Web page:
Saving Lives With ‘Chain Of Survival’
Wednesday - January 13, 2010
I would like to say a word regarding your piece about Pancho, who had suffered a cardiac arrest at a local soccer game. From the article, it appears that everyone who responded worked in the field of EMS or medicine. Pancho was one lucky guy to have so many trained rescuers respond so quickly. He had a 5 percent chance of surviving that event, and because of the fast action of those around him, he was able to survive an event that 95 percent of victims will not.
When a victim experiences a sudden cardiac arrest (SCA), he/she must receive immediate help. The American Heart Association’s “Chain of Survival” is easy to learn and must occur immediately for a victim of SCA to survive:
* Early Access: Recognize the victim is unresponsive and not breathing normally and call 911 immediately and get an Automated External Defibrillator (AED).
* Early CPR: Learn the new hands-only technique. Start pushing on the center of the chest at the rate of 100 times per minute. You do not even need to give mouth-to-mouth if you do not want to.
* Early Defibrillation: Attach an AED as soon as available and follow the voice prompts. The AED will talk to you and tell you what to do.
* Early Advanced Care.
Since 2007, the Hawaii AED law states no liability to any citizen who performs CPR or uses an AED.
Please help spread the word about this new and improved law.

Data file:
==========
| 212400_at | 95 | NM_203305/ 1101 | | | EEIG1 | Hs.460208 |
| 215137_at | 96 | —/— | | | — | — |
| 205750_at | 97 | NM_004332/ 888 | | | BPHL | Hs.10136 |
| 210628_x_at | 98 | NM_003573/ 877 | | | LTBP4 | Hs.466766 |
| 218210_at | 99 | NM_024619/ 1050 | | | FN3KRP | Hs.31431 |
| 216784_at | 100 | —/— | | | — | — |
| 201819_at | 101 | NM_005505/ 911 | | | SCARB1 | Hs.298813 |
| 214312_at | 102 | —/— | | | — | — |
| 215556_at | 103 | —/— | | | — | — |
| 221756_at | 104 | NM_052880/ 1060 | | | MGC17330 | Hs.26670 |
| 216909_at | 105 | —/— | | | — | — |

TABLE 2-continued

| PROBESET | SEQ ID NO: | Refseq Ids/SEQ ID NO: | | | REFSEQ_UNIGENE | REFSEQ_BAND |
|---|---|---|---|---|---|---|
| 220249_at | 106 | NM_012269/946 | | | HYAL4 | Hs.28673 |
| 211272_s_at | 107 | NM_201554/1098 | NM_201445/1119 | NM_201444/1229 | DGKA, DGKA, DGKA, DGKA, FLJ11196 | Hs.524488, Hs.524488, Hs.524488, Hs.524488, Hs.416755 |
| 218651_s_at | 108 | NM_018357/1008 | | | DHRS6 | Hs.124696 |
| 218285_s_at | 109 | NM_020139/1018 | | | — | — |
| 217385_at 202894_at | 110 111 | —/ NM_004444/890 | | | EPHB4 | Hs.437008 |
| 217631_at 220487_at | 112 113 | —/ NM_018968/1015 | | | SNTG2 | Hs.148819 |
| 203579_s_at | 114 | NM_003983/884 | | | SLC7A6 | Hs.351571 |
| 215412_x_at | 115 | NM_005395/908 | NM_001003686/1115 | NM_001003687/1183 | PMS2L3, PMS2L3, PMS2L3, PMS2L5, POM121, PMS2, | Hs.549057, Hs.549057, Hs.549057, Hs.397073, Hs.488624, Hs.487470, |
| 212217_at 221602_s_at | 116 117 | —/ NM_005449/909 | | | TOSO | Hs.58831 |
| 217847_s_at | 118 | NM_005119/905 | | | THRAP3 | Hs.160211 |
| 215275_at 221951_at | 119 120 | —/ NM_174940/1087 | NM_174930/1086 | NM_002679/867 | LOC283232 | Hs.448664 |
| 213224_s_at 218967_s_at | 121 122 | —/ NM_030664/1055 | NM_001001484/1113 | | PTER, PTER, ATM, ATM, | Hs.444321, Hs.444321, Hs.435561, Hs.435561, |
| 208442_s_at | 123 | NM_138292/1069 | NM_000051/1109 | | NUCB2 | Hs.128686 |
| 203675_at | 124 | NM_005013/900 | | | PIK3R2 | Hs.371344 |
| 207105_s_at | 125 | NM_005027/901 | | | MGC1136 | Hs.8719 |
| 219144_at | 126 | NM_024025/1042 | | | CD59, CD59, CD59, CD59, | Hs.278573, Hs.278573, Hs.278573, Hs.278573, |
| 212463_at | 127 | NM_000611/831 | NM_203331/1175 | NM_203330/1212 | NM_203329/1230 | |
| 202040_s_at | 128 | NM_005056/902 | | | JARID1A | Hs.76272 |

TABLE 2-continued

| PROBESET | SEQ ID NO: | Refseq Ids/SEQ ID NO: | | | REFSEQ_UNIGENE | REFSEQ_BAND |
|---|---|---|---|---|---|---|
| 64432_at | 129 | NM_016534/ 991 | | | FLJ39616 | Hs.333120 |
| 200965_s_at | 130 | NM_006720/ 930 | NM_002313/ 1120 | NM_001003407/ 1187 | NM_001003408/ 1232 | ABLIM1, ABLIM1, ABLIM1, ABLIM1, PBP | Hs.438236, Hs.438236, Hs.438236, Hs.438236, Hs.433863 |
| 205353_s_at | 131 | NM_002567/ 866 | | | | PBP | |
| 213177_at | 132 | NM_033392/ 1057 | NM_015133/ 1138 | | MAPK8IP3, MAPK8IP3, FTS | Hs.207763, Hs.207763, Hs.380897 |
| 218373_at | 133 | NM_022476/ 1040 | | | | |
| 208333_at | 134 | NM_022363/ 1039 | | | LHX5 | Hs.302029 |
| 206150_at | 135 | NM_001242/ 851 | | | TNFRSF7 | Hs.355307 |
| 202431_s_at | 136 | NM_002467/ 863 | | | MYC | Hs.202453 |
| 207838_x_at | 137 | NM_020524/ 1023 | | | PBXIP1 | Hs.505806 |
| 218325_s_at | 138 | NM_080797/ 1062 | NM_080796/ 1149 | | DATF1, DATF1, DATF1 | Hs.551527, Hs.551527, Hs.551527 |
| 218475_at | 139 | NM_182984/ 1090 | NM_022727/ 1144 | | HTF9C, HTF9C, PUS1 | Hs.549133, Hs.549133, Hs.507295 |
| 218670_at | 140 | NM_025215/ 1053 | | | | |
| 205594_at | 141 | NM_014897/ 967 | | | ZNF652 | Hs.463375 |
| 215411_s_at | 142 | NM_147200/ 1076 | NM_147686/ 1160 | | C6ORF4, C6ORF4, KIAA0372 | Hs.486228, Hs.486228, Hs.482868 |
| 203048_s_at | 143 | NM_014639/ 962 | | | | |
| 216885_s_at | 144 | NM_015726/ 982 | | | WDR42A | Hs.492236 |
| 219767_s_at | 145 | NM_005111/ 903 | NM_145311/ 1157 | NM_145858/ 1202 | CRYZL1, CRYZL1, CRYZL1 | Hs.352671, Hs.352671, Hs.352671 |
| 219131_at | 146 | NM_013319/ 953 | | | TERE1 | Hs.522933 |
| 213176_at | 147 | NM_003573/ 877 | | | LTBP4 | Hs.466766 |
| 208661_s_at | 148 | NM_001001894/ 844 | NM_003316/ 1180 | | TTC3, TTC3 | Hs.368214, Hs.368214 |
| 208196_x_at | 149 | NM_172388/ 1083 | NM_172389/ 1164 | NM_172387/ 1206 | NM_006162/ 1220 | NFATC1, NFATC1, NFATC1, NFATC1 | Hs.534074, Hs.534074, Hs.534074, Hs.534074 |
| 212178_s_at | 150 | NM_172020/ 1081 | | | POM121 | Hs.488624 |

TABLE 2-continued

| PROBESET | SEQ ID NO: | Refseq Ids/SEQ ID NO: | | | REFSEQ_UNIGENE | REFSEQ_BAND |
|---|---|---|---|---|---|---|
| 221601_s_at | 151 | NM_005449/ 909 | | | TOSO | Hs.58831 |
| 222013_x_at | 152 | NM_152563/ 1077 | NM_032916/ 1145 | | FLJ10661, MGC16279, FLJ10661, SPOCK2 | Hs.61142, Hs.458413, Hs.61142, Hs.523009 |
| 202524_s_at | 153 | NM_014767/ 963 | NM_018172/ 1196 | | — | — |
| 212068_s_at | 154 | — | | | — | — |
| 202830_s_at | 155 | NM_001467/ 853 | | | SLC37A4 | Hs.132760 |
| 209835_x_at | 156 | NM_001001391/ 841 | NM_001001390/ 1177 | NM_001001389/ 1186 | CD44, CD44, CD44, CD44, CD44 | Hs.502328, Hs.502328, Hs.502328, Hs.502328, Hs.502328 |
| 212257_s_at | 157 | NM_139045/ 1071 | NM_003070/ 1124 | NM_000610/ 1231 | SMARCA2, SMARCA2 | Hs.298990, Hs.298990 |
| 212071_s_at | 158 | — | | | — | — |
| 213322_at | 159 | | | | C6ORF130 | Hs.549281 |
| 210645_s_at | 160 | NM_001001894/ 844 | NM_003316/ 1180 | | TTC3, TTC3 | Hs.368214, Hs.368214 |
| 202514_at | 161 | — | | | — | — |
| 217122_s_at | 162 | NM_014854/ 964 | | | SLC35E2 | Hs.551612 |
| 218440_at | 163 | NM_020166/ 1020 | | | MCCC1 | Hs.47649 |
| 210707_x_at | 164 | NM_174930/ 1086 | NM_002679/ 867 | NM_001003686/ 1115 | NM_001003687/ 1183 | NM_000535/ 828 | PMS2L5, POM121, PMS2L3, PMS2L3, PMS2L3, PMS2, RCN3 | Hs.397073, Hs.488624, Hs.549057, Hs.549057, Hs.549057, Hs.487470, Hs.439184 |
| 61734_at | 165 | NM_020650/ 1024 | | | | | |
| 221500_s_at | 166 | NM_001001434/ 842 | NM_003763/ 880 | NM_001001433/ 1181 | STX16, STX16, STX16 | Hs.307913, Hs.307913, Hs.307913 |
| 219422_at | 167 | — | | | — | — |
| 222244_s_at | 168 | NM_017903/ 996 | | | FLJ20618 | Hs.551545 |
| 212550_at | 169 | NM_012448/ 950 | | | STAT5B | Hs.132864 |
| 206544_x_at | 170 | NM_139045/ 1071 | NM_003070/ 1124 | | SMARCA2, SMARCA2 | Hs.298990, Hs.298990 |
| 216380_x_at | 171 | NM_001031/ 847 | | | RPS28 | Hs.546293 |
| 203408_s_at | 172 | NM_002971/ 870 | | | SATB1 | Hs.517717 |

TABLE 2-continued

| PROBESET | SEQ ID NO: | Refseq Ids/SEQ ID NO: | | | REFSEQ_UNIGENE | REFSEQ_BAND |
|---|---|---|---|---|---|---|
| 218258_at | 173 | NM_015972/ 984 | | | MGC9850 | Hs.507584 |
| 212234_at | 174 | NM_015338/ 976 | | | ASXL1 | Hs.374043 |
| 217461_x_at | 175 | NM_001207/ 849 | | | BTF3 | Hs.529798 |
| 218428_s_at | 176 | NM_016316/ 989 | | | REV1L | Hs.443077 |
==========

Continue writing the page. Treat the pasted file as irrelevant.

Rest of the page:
My APPLAUSE goes to my friend Sharon Maekawa, who sent me your article. In May, her 28-year-old daughter, Kristin Maekawa Claudi, experienced a sudden cardiac arrest. Unfortunately Kristin did not survive. Since Kristin’s passing, Sharon has become a huge advocate for citizens learning CPR and having AEDs available. In November, the Maekawa family implemented the donation of an AED and training to Liholiho Elementary School, and additional AEDs will be going to Moanalua and Wilson schools in January with plans for an AED to be donated to Momilani Elementary the following month. Sharon Maekawa is truly my hero!
Pamela Foster, RN
AHA Community Strategy
Council for Hawaii
Mahalo for sharing the “Chain of Survival” with our readers. And the Maekawa family deserves a standing ovation for turning tragedy into a much-needed campaign to educate young people on the steps that could lead to saving a life.
(If you know someone who deserves some Applause, send your letters to Pamela Young, MidWeek Applause, KITV, 801 S. King St., Honolulu, HI, 96813 or e-mail firstname.lastname@example.org. Include your name, phone number and, if possible, the phone number of your “applaudee” so we can contact him or her.)
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